:: snes alarm clock

Super NES Alarm Clock

SNES Alarm Clock


Suddenly finding himself in possession of a broken Super NES console, my roommate challenged me to follow up on the NES Alarm Clock, natch. The obvious killer feature this time around would be to put the display on a cartridge, and make it removable. So, I got to work.

SNES Clock: Body Part 1

Our story begins with the gutting of the SNES and the desoldering of the cartridge connector and reset switch from the mainboard. To my great surprise and greater fortune, the cartridge connector's pins were precisely the same pitch as the through-holes for the display ribbon on the alarm clock, and on top of that, the display required 23 connections, which is exactly the size of one side of the middle part of the connector. Display out, cartridge connector in, very smooth. A little dremel work, and a nice shrouded polarized 2-prong AC connector, which I happened to have a cable for, went nicely into what was the "multi out" port.

Then came time for the control buttons. As with the NES, the power button in the SNES is a SPST switch. And as with the NES alarm clock, this posed a problem for switching the alarm and alarm LED, which uses an SPDT switch.

SNES Clock: Body Part 2

Not wanting to repeat the wall-wart lameness from last time, I drew up a proper circuit to drive a 5VDC relay. I managed to scavenge a rectifier already on a small PCB, but the rest was too big to air-solder and so I went $7 over my budget of free and bought perfboard. The reset button had to be positioned correctly.

SNES Clock: Cartridge Display

The cartridge itself was the tedious part of this project. Unscrewing the cartridge (Paladin's Quest) was rather difficult without a proper bit. Following that, I desoldered everything on the bottom half of the PCB, then dremeled off the top. Goo Gone took care of the sticker and more dremeling and some model glue got a nice green window on the front. I then traced each of the pins on one side of the interface to a through-hole I could solder a wire into and connect to the appropriate pin on the display, which used up my bonus patience for the rest of 2008. Finally, when all was tested, I closed it up using new, non-secure screws.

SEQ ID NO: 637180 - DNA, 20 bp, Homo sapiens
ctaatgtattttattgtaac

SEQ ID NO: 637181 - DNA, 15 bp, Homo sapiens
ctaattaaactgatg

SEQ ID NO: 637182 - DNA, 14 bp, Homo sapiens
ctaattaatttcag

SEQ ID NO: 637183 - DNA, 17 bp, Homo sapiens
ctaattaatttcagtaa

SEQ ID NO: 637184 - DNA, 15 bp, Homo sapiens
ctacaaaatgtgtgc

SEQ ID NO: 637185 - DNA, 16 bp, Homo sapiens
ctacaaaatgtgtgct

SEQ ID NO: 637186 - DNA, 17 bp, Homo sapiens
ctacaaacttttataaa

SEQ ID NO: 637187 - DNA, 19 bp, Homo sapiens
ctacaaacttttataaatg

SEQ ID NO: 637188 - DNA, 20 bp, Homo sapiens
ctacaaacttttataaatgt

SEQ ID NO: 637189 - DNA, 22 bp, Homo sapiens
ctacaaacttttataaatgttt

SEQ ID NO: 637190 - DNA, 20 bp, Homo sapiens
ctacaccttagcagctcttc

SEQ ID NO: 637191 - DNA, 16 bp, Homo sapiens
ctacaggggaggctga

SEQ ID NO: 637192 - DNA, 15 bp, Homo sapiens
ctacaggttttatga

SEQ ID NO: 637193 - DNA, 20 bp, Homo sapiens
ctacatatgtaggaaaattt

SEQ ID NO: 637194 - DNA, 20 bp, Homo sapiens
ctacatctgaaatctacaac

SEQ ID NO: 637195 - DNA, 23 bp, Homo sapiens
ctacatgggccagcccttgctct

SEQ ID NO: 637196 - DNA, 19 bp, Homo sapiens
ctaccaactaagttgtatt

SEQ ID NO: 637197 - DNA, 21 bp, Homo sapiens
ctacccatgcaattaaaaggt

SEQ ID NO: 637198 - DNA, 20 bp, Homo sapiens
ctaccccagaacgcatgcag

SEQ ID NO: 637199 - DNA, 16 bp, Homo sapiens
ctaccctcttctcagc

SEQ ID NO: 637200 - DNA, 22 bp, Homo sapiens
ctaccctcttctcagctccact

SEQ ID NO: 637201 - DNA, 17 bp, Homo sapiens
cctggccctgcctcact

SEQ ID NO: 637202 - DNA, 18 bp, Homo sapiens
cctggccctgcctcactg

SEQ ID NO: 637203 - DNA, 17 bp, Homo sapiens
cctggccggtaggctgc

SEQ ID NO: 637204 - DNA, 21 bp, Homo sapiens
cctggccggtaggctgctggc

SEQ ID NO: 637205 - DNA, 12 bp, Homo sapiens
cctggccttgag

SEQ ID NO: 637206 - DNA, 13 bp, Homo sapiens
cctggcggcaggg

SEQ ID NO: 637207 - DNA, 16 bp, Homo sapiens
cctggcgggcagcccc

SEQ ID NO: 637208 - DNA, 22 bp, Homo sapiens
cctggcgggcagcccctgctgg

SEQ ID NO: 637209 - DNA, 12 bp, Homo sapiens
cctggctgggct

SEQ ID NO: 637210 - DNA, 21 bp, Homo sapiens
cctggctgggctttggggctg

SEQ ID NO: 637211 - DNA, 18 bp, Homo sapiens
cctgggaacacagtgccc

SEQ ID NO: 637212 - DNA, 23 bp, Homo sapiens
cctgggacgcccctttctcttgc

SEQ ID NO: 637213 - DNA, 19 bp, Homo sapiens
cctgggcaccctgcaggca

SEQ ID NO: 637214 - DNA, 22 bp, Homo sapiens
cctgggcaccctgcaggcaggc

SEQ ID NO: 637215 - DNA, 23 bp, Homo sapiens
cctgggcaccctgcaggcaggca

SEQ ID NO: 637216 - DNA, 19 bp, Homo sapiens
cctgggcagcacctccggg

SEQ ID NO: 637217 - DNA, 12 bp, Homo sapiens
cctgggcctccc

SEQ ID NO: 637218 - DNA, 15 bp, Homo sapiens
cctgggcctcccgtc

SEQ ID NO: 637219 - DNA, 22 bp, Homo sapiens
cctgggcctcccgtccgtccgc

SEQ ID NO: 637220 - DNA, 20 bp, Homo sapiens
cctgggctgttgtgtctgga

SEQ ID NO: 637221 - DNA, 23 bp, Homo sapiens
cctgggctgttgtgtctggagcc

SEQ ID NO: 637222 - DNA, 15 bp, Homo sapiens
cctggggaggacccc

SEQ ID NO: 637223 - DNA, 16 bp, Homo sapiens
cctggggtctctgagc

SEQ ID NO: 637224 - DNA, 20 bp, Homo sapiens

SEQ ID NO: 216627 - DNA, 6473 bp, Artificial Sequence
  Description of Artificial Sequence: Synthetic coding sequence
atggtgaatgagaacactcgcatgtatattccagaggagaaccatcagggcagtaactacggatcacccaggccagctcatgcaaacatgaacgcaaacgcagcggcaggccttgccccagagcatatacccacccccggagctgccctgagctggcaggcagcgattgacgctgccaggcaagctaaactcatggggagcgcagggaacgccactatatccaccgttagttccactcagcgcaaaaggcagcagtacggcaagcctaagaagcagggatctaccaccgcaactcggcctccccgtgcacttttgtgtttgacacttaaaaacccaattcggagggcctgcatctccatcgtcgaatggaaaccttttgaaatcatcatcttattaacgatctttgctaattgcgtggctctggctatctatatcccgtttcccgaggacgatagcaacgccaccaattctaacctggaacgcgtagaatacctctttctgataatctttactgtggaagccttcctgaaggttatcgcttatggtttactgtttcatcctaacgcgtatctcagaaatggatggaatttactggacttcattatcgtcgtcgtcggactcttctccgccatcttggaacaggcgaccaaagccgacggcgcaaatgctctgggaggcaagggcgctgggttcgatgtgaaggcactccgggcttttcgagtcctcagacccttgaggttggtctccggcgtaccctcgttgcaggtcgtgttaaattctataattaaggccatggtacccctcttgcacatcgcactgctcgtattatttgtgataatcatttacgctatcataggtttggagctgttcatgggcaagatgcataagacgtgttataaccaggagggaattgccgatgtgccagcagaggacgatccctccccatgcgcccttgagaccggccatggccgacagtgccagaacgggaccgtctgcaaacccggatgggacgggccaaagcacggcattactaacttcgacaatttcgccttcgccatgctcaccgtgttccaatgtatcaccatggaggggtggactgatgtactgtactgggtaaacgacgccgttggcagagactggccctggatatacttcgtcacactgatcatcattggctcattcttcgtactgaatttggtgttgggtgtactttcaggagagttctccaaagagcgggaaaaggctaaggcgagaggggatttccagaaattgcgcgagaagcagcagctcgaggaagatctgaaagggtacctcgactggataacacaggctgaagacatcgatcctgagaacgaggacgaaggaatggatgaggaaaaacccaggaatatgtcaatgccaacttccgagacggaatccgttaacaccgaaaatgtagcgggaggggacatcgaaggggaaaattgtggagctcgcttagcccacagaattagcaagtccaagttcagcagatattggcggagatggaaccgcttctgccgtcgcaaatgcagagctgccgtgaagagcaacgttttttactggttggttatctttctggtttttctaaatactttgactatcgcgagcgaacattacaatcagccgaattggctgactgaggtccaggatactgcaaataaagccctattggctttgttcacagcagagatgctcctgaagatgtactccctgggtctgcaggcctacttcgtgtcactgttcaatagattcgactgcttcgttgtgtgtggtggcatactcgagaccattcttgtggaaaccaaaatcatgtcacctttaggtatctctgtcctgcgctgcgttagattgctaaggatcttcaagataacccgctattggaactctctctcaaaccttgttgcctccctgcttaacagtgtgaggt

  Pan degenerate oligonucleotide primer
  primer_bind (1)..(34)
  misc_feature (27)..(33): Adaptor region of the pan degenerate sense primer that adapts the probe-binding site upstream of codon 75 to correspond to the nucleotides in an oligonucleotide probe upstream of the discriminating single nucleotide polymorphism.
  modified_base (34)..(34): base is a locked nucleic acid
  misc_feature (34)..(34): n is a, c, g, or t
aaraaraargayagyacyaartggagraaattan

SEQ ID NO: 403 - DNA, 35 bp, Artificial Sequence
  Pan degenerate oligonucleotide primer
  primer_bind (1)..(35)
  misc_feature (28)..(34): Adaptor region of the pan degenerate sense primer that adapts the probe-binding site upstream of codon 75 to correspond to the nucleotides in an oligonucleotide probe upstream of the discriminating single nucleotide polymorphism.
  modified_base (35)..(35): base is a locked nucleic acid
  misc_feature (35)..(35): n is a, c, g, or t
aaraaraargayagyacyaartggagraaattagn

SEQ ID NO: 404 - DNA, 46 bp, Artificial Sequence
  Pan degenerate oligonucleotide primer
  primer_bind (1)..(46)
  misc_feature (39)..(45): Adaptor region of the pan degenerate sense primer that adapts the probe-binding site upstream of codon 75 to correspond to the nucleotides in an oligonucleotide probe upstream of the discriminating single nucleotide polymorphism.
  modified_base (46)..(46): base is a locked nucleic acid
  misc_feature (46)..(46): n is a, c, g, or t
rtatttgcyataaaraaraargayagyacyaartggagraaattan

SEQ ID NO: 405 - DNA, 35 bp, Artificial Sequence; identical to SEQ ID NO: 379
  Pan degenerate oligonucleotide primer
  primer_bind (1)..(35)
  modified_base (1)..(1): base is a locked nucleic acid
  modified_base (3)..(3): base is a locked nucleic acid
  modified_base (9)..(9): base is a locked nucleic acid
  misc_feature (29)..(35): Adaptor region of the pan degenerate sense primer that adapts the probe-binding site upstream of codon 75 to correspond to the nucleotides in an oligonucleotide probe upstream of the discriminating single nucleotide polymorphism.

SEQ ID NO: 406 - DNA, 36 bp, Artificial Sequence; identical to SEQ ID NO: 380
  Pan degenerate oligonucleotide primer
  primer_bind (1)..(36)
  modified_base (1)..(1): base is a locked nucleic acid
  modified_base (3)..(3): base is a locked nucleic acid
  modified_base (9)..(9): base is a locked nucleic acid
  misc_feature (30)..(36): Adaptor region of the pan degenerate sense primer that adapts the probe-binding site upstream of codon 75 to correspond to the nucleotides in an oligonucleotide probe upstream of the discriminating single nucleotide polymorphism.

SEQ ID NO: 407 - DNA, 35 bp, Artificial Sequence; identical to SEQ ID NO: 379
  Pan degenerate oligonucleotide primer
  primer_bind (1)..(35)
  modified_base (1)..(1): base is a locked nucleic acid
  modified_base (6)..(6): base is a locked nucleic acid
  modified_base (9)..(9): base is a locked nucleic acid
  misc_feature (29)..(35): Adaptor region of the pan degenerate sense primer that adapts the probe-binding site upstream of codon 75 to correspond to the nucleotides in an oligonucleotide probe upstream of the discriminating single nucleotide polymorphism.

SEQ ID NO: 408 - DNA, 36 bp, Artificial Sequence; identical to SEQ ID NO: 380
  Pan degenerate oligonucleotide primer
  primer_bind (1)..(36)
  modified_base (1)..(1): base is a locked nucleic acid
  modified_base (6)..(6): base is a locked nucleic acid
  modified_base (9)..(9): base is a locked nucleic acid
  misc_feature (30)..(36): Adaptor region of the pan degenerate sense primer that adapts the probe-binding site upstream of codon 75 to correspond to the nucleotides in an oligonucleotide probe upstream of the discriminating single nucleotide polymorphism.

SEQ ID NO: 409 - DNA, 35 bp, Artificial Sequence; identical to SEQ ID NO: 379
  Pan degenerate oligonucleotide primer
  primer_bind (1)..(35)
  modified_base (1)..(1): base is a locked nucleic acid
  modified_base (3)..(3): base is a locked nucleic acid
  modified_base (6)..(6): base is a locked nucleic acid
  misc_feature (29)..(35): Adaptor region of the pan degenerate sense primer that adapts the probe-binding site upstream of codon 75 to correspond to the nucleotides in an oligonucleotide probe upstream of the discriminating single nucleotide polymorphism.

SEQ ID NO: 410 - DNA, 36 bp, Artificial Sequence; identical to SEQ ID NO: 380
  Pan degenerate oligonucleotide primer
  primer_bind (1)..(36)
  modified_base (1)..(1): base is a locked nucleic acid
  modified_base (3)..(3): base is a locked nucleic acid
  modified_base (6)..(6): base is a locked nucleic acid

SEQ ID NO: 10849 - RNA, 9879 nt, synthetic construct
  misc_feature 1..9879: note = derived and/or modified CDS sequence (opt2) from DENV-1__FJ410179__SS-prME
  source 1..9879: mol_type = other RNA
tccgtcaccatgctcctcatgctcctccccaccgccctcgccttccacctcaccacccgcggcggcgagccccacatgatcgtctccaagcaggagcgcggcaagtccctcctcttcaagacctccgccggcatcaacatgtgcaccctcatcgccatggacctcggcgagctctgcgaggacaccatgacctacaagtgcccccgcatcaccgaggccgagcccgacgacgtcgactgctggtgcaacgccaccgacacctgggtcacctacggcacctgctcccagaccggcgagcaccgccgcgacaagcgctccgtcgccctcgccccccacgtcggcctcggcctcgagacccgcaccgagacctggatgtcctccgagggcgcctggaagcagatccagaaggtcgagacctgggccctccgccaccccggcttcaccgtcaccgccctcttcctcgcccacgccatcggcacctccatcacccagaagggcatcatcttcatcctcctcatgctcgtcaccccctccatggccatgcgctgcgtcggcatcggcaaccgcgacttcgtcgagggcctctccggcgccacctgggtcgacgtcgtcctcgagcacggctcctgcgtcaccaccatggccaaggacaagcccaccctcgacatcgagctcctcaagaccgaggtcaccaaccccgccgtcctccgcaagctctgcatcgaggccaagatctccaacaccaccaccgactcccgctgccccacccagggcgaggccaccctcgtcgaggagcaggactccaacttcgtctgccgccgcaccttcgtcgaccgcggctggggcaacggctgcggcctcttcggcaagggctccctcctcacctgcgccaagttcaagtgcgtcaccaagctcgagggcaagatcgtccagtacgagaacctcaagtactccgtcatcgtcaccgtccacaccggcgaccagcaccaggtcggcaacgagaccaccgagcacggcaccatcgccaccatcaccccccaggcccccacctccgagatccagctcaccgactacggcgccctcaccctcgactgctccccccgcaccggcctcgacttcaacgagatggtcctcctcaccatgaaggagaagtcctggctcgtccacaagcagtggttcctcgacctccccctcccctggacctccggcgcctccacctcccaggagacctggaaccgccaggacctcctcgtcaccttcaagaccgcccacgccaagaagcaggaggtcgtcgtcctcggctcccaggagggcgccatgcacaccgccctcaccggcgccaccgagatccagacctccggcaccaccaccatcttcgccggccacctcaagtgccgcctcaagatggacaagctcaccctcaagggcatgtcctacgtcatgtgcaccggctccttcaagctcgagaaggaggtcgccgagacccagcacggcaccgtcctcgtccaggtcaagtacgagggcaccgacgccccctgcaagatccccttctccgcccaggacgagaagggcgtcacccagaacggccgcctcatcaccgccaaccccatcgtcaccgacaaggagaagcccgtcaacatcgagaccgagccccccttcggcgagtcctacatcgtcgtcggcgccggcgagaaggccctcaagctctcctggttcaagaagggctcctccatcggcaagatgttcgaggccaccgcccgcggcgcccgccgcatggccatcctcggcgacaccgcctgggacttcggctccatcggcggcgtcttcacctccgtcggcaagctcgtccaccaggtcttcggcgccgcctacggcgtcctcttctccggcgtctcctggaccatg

SNES Clock: It Works

And, after a greater number of false starts and miswirings than I'm prepared to admit, the base unit came to life. At this point, I am still controlling it by manually shorting the appropriate pins on the controller port.

SNES Clock: Paddle

Rewiring the controller (also known as a paddle, if you ask me) was actually rather easy. The idea is to use one or more buttons to connect a given input line (alarm display, minute set, hour set, snooze) to the common line. The design of the SNES controller is such that by removing the IC, you essentially get a patch bay to all the buttons and to the controller cable. Even more fortuitously, each of the pairs of buttons I wanted to use together (A/X, B/Y, L/R, Start/Select) had pins right next to one another, so I could stick the wire between them and solder. A little delicate for my jittery hands, but it went without a hitch.

SNES Clock: Power ConnectorSNES Clock: Battery Slot

As with the NES version, this clock has a shrouded power connector (a proper 2-pronged one this time) and uses the expansion port for battery loading. The port had to be widened slightly with the dremel to fit a 9V, but it doesn't show from the outside.

SNES Clock: Family Portrait

The SNES alarm clock was introduced to its big brother for a family portrait, and now sits happily across the hall waking my roommate up in the morning.

See It In Action

And of course, here is your video demonstration:


Last modified Tuesday, March 01, 2016 (17:46 UTC)

Aaron Mavrinac

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